Crossing over creates genetic variation by exchanging DNA between two nonsister chromatids to produce genetically unique chromosomes. The process of crossing over occurs during... Crossing over creates genetic variation by exchanging DNA between two nonsister chromatids to produce genetically unique chromosomes.
Insertion or deletion, also known as ‘indel’ Insertion or deletion of a single stretch of DNA sequence that can range from two to hundreds of base-pairs in length (Figure 4). Figure 4 Indels affect a string of base-pairs. In this example the insertion string shows that GTA has been inserted, and the deletion string shows a deletion of CA.
It's useful to think of mutation as a process that creates genetic variation. We often refer to a mutation as a thing—the genetic variation itself. This approach can be useful when it comes to a gene associated with a disease: the disease allele carries a mutation, a DNA change that compromises the protein's function.
A gene mutation is a permanent alteration in the DNA sequence that makes up a gene, such that the sequence differs from what is found in most people. Mutations range in size; they can affect anywhere from a single DNA building block (base pair) to a large segment of a chromosome that includes multiple genes.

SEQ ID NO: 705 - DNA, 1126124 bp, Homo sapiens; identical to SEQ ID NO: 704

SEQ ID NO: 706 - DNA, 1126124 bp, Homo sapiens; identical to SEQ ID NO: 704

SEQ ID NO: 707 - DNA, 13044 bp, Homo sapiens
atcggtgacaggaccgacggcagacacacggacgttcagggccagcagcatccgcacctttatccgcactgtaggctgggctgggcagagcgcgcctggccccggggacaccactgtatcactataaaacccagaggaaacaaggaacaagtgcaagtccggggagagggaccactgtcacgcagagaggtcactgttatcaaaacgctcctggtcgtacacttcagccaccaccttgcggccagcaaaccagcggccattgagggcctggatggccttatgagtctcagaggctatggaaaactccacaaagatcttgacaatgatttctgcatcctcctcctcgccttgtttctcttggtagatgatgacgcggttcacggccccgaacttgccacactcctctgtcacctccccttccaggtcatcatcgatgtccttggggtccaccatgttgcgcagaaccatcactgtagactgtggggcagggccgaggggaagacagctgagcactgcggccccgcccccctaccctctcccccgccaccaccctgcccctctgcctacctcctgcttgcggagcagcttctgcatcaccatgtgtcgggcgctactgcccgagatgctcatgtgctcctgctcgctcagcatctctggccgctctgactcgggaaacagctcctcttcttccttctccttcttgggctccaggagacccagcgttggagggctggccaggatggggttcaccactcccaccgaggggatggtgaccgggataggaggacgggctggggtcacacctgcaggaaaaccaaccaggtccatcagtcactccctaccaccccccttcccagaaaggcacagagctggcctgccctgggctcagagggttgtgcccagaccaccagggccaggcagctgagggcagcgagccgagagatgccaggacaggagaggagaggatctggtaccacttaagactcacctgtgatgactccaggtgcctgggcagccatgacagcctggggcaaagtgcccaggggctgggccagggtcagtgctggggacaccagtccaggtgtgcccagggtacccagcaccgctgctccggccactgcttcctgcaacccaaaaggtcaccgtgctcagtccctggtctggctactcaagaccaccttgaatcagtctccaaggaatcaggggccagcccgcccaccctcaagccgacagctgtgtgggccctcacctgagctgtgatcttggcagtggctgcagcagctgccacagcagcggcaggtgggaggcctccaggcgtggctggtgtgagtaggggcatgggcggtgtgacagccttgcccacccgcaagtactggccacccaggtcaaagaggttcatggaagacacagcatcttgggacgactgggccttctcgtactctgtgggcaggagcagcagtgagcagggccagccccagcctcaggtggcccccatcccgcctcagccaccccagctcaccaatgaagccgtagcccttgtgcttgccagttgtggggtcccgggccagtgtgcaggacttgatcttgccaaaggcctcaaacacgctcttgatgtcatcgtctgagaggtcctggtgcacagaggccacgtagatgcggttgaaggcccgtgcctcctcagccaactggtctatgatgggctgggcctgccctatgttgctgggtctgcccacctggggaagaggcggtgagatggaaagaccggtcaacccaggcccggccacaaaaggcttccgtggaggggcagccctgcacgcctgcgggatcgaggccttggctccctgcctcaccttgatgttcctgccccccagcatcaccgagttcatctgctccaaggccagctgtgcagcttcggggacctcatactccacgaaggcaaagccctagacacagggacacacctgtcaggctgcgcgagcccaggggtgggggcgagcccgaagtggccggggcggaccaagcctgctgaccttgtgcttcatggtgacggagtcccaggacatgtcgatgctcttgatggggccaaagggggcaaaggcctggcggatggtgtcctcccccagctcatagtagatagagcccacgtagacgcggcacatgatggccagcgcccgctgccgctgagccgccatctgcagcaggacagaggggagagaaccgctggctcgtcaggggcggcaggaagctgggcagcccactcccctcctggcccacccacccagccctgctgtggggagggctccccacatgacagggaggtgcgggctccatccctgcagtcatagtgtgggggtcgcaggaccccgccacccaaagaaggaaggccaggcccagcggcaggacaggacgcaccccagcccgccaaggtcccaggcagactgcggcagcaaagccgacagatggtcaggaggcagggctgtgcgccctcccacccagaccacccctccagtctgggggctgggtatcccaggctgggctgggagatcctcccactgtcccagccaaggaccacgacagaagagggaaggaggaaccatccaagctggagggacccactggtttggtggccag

Random fertilization means that the collection of genes within one gamete (such as a sperm cell) do not give that gamete a lesser or better chance than any of the other sperm cells of fusing with an egg cell to produce a zygote. This does not really generate new variation within the species, but it does preserve the variation that is already there.
The mating of individuals in a population such that the union of individuals with the trait under study occurs according to the product rule of probability.” random mating definition. Non-random Mating. Basically, random mating maintains the level of genetic variation in a population.
Genetic variation is a result of subtle differences in our DNA. Single nucleotide polymorphisms (SNPs, pronounced ‘snips’) are the most common type of genetic variation amongst people. Each single nucleotide polymorphism represents a difference in a single DNA base, A, C, G or T, in a person’s DNA.
Sub-microscopic structural variation. Sub-microscopic structural variants are much harder to detect owing to their small size. The first study in 2004 that used DNA microarrays could detect tens of genetic loci that exhibited copy number variation, deletions and duplications, greater than 100 kilobases in the human genome.